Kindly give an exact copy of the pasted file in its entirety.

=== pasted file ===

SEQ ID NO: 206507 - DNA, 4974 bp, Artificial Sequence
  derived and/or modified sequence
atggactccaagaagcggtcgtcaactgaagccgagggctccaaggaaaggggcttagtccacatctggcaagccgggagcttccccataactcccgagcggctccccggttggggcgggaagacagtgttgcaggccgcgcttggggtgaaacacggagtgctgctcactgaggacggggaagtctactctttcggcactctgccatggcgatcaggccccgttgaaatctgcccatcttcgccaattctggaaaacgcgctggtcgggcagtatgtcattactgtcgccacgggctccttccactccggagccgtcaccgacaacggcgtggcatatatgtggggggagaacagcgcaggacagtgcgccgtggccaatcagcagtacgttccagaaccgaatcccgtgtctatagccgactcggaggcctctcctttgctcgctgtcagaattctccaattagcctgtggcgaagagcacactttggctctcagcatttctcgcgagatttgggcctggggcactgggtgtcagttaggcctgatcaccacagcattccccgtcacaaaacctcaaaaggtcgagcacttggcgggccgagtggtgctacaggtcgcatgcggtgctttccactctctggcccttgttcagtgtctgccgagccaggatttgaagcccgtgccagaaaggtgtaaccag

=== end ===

SEQ ID NO: 206507 - DNA, 4974 bp, Artificial Sequence
  derived and/or modified sequence
atggactccaagaagcggtcgtcaactgaagccgagggctccaaggaaaggggcttagtccacatctggcaagccgggagcttccccataactcccgagcggctccccggttggggcgggaagacagtgttgcaggccgcgcttggggtgaaacacggagtgctgctcactgaggacggggaagtctactctttcggcactctgccatggcgatcaggccccgttgaaatctgcccatcttcgccaattctggaaaacgcgctggtcgggcagtatgtcattactgtcgccacgggctccttccactccggagccgtcaccgacaacggcgtggcatatatgtggggggagaacagcgcaggacagtgcgccgtggccaatcagcagtacgttccagaaccgaatcccgtgtctatagccgactcggaggcctctcctttgctcgctgtcagaattctccaattagcctgtggcgaagagcacactttggctctcagcatttctcgcgagatttgggcctggggcactgggtgtcagttaggcctgatcaccacagcattccccgtcacaaaacctcaaaaggtcgagcacttggcgggccgagtggtgctacaggtcgcatgcggtgctttccactctctggcccttgttcagtgtctgccgagccaggatttgaagcccgtgccagaaaggtgtaaccag